However, though my experiences have been tough, they do not compare to the amount of colorism that Black women face in their daily lives. In particular, dark-skinned Black women, face some of the most severe discrimination. The comments about their skin tone, hair texture, and constant comparisons to others who might have more “conventional” (read: European) beauty types are consistent, blatant acts of colorism. All my experiences added up still aren’t even half of what dark-skinned Black women have had to deal with their entire lives. I will never feel comfortable trying to negate or undermine the experiences of a dark-skinned Black woman in particular, simply because it’s not my place and it’s wrong.
See what I did there? I acknowledged that I have gone through a difficult experience myself, but I realized my privilege as a man in a society where women (especially Black women) are treated far worse. Instead of trying to play oppression wars or negate someone else’s experience, I decided to shut up and listen, and only speak when it’s time to support the people whose experiences are important and relevant in that moment.
So why is it that people who have never gone through that experience feel the need to comment derogatory things, most of the time targeted at Black women expressing their anger? Why do their experiences bother you so much? I get it, you posted a Black screen on #blackouttuesday, you went to a protest, or sh*t, you might’ve pulled a Stassi Schroeder and hired a diversity coach. That’s fine and dandy, but that does not mean that you have the right to try to control Black voices and their experiences.
For example, last week we dealt with the horrific death of Brandon Bernard, who was wrongfully executed by the state of Indiana for something that occurred twenty years ago. Many people advocated for the President of the United States to pardon him, however those attempts were sadly unsuccessful. During that time of people fighting for this man’s life, there were a few Black celebrities, Kehlani and Victoria Monet in particular, who were tweeting and going about their day peacefully. Stan accounts started attacking the women, tweeting things like “Read the room” or “Are you dumb? This is not the time or the place”. Here’s the issue: Why are these accounts assuming these celebrities haven’t heard what’s going on? As Black people, we are always seeing our own being killed and treated unfairly, and there are times where we simply need a break. It’s honestly traumatizing to constantly view ourselves in such horrific circumstances, and sometimes we don’t want to be consumed with everything that’s working against us, because it’s draining and infuriating. And in addition to all that, why is it that anonymous accounts feel comfortable attacking these figures online, simply based on their own opinions?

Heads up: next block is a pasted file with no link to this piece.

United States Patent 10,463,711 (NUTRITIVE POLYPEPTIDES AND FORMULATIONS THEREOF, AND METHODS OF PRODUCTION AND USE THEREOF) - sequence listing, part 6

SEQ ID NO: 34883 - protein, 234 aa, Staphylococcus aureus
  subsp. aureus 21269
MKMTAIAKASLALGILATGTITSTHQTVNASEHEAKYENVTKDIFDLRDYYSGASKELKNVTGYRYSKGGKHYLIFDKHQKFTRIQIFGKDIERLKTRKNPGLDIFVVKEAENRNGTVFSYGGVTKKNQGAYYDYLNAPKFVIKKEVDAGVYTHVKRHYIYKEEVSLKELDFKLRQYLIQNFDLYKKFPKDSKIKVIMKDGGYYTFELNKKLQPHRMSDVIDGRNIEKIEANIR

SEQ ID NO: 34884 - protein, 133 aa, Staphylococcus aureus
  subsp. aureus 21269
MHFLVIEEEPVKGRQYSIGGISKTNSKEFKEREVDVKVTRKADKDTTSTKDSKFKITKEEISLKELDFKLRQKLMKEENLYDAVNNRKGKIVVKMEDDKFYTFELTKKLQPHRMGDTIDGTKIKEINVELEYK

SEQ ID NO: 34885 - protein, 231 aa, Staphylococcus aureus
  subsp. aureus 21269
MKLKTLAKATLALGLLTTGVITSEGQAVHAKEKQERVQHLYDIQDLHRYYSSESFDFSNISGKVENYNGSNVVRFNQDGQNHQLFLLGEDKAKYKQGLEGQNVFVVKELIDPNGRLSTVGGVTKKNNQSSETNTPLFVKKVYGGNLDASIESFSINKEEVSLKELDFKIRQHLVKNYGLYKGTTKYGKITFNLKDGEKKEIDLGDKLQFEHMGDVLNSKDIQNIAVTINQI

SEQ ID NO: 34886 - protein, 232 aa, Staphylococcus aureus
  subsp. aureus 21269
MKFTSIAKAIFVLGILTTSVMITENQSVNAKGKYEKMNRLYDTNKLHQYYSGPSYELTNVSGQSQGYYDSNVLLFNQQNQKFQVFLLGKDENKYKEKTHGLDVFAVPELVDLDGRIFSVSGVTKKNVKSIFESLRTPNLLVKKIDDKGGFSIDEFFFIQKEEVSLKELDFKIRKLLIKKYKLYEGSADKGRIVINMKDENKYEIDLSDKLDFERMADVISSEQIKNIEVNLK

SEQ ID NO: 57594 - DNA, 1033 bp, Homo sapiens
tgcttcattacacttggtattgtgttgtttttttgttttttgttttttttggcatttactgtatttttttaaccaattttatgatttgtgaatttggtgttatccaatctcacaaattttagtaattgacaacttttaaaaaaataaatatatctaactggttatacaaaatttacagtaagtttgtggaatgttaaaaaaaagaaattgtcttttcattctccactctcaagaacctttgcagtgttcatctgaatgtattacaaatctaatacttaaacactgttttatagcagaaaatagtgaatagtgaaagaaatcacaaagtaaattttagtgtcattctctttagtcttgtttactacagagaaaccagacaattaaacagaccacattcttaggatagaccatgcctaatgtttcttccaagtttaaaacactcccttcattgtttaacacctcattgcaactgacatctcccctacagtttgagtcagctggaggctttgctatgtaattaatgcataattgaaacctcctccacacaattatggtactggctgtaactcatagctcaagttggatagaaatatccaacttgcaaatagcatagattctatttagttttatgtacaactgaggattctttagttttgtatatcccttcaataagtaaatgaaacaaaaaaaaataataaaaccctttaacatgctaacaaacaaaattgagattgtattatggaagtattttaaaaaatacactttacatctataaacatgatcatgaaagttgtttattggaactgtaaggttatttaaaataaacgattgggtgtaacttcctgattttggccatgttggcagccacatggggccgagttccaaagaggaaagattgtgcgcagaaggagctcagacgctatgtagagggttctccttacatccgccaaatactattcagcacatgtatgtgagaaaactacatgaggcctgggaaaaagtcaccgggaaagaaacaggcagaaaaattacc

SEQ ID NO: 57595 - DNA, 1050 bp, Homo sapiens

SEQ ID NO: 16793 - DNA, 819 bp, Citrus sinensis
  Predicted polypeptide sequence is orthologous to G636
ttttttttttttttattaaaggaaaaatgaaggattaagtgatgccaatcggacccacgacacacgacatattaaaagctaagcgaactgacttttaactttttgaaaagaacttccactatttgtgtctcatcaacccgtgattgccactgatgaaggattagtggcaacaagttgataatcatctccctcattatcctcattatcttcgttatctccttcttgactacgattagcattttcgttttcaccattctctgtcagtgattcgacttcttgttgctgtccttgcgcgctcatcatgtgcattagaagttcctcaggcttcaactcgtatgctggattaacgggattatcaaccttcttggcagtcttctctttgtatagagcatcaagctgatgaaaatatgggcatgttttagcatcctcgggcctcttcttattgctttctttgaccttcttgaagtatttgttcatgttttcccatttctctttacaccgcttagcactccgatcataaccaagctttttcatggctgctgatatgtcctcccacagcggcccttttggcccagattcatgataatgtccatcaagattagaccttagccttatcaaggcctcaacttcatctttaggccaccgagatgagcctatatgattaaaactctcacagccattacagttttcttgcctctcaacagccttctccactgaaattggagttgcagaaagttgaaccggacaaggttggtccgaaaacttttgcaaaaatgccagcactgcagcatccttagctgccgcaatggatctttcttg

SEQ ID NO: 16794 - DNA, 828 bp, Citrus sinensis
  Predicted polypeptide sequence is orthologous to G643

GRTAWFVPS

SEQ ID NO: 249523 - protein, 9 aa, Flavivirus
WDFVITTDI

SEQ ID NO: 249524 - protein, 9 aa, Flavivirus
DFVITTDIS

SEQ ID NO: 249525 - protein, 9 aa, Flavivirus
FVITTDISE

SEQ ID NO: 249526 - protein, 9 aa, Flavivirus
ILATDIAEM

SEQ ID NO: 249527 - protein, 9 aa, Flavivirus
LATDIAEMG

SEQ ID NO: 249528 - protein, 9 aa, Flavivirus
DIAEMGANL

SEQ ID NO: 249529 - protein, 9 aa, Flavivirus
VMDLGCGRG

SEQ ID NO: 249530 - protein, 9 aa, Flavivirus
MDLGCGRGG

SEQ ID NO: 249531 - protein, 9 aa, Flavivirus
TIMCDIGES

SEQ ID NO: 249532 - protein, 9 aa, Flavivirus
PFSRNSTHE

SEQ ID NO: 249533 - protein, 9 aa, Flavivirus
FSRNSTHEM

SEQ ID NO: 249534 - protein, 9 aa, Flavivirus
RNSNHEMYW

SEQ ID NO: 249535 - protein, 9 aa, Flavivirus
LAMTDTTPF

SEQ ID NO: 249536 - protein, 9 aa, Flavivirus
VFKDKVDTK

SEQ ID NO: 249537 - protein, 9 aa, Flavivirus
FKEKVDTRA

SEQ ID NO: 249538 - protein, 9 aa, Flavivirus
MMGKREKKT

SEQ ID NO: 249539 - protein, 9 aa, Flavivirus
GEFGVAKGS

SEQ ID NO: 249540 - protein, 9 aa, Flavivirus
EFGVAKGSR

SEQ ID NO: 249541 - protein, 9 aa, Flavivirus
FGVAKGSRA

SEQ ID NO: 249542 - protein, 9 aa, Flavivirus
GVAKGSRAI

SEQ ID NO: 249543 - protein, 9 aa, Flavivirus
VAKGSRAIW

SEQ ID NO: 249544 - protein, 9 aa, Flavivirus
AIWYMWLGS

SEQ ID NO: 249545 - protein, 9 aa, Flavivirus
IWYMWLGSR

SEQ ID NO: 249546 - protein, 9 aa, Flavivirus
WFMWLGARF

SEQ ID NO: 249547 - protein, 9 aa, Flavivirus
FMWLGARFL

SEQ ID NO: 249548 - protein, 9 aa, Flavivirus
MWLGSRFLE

Stan culture has given people platforms to give their unwarranted opinions on public figures who they do not know whatsoever. The worst part of this is many of them use AAVE (African American Vernacular English) in the wrong context, and start using it to attack Black people with platforms, be they singers, rappers, actors, influencers, or writers. Using our own culture to attack us is not only hypocritical, but also proves that many people leech off of our culture for their own personal gain and then try to throw it back in our faces. I’ve seen tweets like “It’s the ignorance for me sis” directed at Kehlani and Victoria. Little do people understand that the whole saying “It’s the (blank) for me” was started by Black people. We’ve used it for years, and it became a prominent saying after an Instagram live between rappers Yung Miami and Santana. However, like always, people found it and it soon catapulted into a phrase that “everyone” uses. We are never given our credit for trends and our lingo, but people want to hold us accountable when we aren’t engaging with traumatic material?
It’s wrong and downright disgusting how people who participate in stan culture feel so entitled to what we bring to the table, yet they want to belittle us in any and every way that they can. So please understand that no matter how many Black artists you may stan, or how many protests you’ve gone to, it doesn’t give you the right to call us ghetto, talk about our appearances, insert your opinions about our culture, or most importantly, ownership of our feelings. Stan culture is all about holding people accountable, so when are non-Black stans going to participate in holding themselves accountable?
Images: Sophy Holland/Bravo